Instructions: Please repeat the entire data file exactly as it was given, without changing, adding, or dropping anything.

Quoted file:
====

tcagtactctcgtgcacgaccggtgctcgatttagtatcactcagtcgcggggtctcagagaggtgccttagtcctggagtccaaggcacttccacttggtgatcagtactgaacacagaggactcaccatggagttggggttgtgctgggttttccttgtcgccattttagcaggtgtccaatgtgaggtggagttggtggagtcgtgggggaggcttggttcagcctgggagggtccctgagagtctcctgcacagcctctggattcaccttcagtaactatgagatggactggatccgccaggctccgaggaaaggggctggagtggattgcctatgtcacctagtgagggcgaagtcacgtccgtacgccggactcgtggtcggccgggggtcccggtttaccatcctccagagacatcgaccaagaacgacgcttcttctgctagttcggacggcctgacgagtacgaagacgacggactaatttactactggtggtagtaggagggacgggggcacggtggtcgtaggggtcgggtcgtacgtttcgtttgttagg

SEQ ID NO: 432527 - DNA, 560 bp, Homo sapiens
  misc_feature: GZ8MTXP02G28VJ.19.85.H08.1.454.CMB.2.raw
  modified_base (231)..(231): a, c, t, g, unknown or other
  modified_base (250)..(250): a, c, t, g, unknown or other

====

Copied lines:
tcagtactctcgtgcacgaccggtgctcgatttagtatcactcagtcgcggggtctcagagaggtgccttagtcctggagtccaaggcacttccacttggtgatcagtactgaacacagaggactcaccatggagttggggttgtgctgggttttccttgtcgccattttagcaggtgtccaatgtgaggtggagttggtggagtcgtgggggaggcttggttcagcctgggagggtccctgagagtctcctgcacagcctctggattcaccttcagtaactatgagatggactggatccgccaggctccgaggaaaggggctggagtggattgcctatgtcacctagtgagggcgaagtcacgtccgtacgccggactcgtggtcggccgggggtcccggtttaccatcctccagagacatcgaccaagaacgacgcttcttctgctagttcggacggcctgacgagtacgaagacgacggactaatttactactggtggtagtaggagggacgggggcacggtggtcgtaggggtcgggtcgtacgtttcgtttgttagg

SEQ ID NO: 432527 - DNA, 560 bp, Homo sapiens
  misc_feature: GZ8MTXP02G28VJ.19.85.H08.1.454.CMB.2.raw
  modified_base (231)..(231): a, c, t, g, unknown or other
  modified_base (250)..(250): a, c, t, g, unknown or other